2011 Transmedia Photography Annual
January 18 – March 8, 2011
Light Work Hallway Gallery
Reception: Feb 3, 5-7pm
Light Work is pleased to announce the 2011 Transmedia Photography Annual exhibition, featuring photographs by seniors in Syracuse University’s Department of Transmedia, part of the College of Visual and Performing Arts. For this exhibition, Light Work has collaborated with Innova Art Ltd to award a Best of Show and two Honorable Mentions.
Juror Scott Conarroe, a visiting artist from Canada, selected the recipient of the Best of Show and two Honorable Mentions. John O’Toole, recipient of the Best of Show award, will receive $700 worth of Innova paper, plus $200 worth of digital printing at Light Work/Community Darkrooms. The two recipients of the Honorable Mention Award, Genevieve Marshall and Varvara Mikushkina, will each receive $150 worth of Innova paper. Other finalists in the competition were Soloman David Schechman and Mary Gannon.
John O’Toole – Best of Show
John O’Toole’s series What Was Once Familiar… depicts Catholic Memorial, an all boys private Catholic school in Massachusetts for grades 7-12 attended by the artist. These images explore schools both as places that are consistently in a state of flux, with students graduating and teachers moving on, but also as environments that remain constant and familiar to the community of people that grow together within these institutions.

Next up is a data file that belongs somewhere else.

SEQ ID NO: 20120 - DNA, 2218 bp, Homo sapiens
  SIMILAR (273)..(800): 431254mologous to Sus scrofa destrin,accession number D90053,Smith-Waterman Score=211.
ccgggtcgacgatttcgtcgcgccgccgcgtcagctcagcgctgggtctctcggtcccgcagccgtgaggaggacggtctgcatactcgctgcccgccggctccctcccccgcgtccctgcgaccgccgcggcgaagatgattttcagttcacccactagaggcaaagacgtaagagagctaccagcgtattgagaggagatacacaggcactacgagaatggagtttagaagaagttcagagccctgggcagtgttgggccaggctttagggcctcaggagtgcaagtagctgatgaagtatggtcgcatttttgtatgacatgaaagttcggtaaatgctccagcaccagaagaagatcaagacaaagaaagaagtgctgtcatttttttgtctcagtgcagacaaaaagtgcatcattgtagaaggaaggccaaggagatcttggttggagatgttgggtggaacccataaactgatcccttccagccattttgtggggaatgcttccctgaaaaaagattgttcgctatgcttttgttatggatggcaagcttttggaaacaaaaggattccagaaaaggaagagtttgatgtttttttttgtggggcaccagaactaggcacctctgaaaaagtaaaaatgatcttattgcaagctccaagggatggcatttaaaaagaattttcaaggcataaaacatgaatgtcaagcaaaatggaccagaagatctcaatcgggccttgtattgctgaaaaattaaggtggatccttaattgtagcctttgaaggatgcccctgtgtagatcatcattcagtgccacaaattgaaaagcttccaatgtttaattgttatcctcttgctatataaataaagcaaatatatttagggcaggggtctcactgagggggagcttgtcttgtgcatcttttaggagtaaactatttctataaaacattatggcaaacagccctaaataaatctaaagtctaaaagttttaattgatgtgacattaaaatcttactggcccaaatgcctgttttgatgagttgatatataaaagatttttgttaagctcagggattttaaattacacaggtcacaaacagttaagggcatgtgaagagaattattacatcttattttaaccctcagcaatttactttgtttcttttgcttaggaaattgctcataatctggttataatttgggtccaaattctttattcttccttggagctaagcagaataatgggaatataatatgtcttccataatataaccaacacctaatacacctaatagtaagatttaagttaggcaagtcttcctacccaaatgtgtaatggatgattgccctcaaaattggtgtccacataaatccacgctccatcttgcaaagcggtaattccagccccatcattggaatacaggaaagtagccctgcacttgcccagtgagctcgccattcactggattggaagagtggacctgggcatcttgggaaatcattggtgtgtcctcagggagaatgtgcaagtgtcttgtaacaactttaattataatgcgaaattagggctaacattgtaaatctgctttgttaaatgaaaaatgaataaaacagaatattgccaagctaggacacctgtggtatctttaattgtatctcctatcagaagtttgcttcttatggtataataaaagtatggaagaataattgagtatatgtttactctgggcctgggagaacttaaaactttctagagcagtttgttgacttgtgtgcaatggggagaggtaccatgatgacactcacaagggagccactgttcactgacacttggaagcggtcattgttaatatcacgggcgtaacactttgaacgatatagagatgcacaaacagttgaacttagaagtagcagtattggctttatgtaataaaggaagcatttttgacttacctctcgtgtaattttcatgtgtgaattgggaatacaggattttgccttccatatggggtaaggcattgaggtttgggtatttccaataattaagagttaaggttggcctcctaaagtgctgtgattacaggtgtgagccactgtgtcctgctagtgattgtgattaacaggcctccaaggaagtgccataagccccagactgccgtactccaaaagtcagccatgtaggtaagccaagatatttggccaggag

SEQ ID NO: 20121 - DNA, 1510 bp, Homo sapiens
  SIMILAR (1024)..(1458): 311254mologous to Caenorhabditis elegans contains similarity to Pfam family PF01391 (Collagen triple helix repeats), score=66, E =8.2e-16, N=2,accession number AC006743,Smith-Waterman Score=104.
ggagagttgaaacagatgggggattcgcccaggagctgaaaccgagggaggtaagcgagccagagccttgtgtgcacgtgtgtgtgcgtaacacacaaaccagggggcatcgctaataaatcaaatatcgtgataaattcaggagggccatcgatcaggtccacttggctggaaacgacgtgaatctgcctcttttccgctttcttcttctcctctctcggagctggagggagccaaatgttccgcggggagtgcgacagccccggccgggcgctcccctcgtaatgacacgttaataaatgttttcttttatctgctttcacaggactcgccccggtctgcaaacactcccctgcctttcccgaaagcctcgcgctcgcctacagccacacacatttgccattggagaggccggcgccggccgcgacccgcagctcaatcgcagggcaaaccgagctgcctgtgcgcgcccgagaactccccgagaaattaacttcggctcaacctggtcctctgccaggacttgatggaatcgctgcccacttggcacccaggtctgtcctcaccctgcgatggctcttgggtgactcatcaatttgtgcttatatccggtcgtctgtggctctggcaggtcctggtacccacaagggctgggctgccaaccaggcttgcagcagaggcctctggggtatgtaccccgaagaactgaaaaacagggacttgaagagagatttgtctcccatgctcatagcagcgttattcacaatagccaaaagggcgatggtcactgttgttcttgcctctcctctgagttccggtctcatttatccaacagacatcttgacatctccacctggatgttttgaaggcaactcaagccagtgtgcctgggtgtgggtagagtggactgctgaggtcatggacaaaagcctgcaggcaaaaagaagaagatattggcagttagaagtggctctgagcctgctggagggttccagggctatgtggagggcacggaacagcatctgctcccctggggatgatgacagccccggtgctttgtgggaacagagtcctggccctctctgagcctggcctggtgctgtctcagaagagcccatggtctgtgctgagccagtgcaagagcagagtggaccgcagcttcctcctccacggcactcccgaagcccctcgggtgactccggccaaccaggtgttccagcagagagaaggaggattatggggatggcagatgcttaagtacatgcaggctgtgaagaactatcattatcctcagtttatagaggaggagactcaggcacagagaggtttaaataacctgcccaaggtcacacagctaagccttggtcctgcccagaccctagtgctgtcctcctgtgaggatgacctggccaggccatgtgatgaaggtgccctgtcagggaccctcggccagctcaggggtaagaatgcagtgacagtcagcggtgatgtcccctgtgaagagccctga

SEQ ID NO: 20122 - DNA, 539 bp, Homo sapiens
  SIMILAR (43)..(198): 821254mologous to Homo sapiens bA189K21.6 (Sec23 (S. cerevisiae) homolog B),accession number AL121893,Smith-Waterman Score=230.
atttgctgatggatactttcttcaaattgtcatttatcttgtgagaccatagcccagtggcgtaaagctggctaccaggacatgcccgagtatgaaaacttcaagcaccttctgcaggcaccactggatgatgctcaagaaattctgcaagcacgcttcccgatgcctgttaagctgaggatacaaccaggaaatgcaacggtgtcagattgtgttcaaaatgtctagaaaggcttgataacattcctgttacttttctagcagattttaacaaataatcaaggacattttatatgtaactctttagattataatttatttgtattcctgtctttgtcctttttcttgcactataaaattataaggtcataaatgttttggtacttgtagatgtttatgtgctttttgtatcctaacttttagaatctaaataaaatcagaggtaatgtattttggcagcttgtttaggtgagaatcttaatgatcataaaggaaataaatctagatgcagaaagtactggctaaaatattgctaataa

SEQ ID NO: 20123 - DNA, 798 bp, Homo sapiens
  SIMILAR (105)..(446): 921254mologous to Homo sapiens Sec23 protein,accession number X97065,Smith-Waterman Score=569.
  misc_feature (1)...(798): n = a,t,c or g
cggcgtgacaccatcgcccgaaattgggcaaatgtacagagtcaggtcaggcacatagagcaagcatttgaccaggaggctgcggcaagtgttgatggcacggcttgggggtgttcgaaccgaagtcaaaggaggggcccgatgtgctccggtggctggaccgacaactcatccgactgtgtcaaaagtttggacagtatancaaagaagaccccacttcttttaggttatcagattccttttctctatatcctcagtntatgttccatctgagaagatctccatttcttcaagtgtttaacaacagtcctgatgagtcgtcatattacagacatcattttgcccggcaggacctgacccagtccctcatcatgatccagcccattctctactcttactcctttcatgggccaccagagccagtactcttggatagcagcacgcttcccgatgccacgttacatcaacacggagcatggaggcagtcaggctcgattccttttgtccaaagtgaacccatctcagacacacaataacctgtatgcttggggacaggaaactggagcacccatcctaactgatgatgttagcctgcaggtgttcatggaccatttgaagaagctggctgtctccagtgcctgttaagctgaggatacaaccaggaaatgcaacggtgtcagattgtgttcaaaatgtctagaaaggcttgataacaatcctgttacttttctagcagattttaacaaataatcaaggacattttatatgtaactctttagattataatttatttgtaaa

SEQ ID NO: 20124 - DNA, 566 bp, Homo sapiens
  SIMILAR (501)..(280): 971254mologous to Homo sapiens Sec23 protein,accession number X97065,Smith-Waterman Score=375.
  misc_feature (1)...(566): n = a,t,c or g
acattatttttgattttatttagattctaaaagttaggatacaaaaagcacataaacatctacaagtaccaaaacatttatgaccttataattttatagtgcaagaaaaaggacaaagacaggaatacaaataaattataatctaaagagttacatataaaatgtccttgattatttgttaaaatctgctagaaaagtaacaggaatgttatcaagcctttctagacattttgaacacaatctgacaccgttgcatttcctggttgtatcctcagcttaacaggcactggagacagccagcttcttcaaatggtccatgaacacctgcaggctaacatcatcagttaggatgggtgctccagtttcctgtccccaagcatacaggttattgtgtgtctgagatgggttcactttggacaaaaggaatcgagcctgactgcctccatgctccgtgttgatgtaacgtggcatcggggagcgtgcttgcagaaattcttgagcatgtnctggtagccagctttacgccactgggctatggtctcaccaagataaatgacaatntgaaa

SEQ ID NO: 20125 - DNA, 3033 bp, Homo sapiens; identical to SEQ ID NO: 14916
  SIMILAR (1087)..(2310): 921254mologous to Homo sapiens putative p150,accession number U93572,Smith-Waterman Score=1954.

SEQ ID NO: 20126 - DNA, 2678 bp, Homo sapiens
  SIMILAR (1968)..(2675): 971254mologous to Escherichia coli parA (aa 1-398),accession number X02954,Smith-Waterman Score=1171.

Genevieve Marshall – Honorable Mention
Genevieve Marshall’s work investigates the complexity of feelings she has toward her father and their relationship. Since her parents divorced in 1995, her father has never owned a home, and as a result, their time together is spent occupying public space (diners, job sites, etc.). Marshall uses this series as an opportunity to assess her place within his world, and create meaning from the spaces that meant nothing to her.
Varvara Mikushkina – Honorable Mention
Varvara Mikushkina photographs her family, capturing how certain immigrant tendencies are inescapable. The work communicates what she likes to call “the immigrant soul.” The images communicate an understanding of intimacy and the invitation to someone’s cultural home, where that specific culture is sustained within foreign grounds that it inhabits.